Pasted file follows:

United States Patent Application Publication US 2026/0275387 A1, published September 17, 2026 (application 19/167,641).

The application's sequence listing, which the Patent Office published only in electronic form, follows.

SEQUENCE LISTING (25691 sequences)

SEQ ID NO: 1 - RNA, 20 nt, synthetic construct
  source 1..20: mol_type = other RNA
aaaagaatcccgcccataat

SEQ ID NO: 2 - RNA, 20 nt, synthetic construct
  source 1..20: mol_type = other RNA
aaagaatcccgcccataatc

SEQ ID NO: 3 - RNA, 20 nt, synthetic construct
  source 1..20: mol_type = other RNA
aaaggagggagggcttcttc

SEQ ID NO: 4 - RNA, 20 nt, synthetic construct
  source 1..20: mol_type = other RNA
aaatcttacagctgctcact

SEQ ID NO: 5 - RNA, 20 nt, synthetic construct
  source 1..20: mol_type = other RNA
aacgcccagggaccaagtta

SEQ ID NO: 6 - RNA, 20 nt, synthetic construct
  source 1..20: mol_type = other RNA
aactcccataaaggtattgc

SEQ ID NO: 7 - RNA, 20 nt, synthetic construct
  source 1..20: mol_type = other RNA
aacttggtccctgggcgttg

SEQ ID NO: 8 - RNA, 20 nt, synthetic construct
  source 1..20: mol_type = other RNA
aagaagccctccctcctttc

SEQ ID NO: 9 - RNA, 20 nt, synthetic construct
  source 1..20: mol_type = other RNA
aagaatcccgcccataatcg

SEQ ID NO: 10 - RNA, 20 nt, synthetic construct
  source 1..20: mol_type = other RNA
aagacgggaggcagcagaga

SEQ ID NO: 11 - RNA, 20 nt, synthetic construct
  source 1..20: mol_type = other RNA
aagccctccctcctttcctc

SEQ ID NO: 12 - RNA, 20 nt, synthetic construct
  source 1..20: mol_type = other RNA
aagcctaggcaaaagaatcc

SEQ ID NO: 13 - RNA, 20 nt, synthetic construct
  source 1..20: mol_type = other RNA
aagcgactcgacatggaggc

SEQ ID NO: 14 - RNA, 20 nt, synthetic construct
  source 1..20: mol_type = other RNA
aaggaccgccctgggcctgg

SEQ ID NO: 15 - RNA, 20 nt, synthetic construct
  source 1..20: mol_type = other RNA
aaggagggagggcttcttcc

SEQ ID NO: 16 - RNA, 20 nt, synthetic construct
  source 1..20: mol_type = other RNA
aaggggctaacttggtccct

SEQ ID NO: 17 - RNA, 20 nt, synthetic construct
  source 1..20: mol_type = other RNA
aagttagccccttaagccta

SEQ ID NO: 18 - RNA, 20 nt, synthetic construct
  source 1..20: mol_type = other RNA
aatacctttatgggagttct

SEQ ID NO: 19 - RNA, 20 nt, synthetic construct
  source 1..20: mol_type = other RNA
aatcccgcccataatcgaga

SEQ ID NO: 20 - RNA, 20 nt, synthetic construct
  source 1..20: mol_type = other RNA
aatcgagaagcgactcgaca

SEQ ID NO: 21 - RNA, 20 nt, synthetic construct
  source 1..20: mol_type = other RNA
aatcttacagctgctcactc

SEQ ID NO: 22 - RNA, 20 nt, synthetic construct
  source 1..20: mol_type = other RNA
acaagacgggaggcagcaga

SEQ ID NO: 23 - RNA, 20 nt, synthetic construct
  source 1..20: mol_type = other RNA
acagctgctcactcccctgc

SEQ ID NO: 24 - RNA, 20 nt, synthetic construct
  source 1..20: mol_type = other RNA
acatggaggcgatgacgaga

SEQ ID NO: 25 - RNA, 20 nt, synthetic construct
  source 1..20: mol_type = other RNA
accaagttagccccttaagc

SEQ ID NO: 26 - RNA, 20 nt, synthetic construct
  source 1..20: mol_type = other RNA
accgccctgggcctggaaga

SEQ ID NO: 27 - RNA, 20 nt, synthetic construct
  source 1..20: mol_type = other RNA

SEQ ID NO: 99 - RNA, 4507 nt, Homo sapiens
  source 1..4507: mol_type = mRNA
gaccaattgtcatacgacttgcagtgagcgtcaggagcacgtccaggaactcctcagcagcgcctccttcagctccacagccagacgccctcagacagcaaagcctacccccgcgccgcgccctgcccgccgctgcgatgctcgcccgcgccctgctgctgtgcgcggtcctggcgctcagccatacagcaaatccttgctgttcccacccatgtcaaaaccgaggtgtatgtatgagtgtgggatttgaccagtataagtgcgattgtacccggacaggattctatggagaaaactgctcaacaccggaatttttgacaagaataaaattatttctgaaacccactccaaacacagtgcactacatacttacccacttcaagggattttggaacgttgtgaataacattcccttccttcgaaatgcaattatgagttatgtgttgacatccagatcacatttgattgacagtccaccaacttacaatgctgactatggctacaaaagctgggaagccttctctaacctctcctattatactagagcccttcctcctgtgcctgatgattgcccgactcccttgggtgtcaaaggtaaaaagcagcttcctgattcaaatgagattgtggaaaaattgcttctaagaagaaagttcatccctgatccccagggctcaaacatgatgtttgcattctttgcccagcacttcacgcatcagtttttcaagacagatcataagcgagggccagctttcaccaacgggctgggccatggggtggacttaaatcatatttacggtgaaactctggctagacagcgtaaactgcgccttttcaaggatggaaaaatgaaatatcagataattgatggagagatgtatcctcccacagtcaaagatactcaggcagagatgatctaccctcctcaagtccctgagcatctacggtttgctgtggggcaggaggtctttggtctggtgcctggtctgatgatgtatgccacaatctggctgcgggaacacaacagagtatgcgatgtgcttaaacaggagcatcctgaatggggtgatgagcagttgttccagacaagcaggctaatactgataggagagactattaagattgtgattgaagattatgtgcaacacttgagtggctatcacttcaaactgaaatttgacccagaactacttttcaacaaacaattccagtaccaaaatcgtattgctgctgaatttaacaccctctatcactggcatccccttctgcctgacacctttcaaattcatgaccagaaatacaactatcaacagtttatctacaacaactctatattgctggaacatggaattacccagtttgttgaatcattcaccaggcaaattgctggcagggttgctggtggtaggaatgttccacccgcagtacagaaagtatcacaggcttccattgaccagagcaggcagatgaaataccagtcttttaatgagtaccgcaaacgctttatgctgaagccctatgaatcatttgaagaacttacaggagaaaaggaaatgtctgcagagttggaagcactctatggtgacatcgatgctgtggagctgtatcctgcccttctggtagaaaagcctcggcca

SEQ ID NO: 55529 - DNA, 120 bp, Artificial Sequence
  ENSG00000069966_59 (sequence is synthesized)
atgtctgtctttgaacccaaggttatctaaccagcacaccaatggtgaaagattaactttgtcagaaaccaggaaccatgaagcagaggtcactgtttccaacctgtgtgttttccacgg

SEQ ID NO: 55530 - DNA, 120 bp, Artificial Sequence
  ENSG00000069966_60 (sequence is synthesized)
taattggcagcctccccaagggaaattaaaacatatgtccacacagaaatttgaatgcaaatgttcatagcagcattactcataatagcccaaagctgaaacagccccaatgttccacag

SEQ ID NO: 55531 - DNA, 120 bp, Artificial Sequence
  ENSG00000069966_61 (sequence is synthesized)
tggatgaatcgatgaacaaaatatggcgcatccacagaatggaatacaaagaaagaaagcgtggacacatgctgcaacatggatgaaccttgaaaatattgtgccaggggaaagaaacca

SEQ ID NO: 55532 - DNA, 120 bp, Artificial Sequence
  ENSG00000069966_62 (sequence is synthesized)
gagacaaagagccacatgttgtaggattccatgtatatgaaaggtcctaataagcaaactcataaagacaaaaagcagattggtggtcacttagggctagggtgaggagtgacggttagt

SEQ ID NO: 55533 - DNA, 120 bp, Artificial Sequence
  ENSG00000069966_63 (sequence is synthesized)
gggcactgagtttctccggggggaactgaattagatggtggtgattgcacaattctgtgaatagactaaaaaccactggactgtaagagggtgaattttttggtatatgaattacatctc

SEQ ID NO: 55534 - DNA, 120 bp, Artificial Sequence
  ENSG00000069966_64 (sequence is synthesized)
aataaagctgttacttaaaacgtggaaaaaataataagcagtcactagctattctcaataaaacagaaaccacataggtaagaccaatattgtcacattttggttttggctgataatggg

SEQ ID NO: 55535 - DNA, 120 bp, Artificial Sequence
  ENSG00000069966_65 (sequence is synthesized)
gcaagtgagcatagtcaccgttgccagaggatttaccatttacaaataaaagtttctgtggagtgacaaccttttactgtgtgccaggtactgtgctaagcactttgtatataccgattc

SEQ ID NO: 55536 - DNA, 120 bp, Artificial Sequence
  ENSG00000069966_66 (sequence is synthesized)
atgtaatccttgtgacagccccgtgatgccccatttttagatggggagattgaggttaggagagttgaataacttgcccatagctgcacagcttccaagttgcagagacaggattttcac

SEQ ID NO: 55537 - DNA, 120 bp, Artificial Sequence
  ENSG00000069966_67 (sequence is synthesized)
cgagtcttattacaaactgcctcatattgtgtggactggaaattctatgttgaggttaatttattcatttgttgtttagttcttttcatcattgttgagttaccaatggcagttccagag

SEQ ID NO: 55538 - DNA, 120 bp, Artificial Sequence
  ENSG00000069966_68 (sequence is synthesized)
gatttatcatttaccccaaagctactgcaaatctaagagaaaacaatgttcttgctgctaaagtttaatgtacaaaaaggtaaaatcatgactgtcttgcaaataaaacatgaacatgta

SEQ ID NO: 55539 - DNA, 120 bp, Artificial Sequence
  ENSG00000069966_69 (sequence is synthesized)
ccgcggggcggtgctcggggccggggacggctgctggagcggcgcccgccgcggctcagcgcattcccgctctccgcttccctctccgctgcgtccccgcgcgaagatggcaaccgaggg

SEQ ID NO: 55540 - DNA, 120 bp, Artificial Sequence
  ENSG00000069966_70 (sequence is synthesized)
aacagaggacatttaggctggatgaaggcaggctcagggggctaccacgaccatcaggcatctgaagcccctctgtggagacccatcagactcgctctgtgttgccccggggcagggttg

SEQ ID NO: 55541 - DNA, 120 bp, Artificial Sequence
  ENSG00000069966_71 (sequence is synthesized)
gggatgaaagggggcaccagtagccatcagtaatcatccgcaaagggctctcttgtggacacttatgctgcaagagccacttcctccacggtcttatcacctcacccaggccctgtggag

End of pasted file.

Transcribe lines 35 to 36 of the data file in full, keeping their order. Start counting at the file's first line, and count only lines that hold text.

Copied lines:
  source 1..20: mol_type = other RNA
aagccctccctcctttcctc